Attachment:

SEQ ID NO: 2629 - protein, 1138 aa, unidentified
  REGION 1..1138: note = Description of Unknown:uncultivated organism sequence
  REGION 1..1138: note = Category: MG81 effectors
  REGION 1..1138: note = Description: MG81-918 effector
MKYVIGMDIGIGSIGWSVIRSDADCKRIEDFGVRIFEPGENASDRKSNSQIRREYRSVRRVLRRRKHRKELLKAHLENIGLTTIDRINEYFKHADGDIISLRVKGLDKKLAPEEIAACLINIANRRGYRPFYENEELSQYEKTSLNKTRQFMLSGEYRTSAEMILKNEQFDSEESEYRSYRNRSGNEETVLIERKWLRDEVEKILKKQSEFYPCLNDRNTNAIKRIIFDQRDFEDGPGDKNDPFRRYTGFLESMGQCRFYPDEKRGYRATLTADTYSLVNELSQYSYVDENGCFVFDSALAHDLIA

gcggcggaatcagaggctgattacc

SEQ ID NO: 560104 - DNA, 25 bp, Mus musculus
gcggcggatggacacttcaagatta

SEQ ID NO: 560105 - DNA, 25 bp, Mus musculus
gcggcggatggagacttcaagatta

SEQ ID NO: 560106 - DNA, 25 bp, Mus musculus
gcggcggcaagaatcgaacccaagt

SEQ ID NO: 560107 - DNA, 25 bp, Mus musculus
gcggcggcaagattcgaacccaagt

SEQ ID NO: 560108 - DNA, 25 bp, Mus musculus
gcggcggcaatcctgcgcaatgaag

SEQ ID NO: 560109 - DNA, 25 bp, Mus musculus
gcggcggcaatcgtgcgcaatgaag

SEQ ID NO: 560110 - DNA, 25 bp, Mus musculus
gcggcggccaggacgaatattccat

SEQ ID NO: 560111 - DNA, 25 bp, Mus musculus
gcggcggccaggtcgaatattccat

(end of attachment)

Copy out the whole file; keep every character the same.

SEQ ID NO: 2629 - protein, 1138 aa, unidentified
  REGION 1..1138: note = Description of Unknown:uncultivated organism sequence
  REGION 1..1138: note = Category: MG81 effectors
  REGION 1..1138: note = Description: MG81-918 effector
MKYVIGMDIGIGSIGWSVIRSDADCKRIEDFGVRIFEPGENASDRKSNSQIRREYRSVRRVLRRRKHRKELLKAHLENIGLTTIDRINEYFKHADGDIISLRVKGLDKKLAPEEIAACLINIANRRGYRPFYENEELSQYEKTSLNKTRQFMLSGEYRTSAEMILKNEQFDSEESEYRSYRNRSGNEETVLIERKWLRDEVEKILKKQSEFYPCLNDRNTNAIKRIIFDQRDFEDGPGDKNDPFRRYTGFLESMGQCRFYPDEKRGYRATLTADTYSLVNELSQYSYVDENGCFVFDSALAHDLIA

gcggcggaatcagaggctgattacc

SEQ ID NO: 560104 - DNA, 25 bp, Mus musculus
gcggcggatggacacttcaagatta

SEQ ID NO: 560105 - DNA, 25 bp, Mus musculus
gcggcggatggagacttcaagatta

SEQ ID NO: 560106 - DNA, 25 bp, Mus musculus
gcggcggcaagaatcgaacccaagt

SEQ ID NO: 560107 - DNA, 25 bp, Mus musculus
gcggcggcaagattcgaacccaagt

SEQ ID NO: 560108 - DNA, 25 bp, Mus musculus
gcggcggcaatcctgcgcaatgaag

SEQ ID NO: 560109 - DNA, 25 bp, Mus musculus
gcggcggcaatcgtgcgcaatgaag

SEQ ID NO: 560110 - DNA, 25 bp, Mus musculus
gcggcggccaggacgaatattccat

SEQ ID NO: 560111 - DNA, 25 bp, Mus musculus
gcggcggccaggtcgaatattccat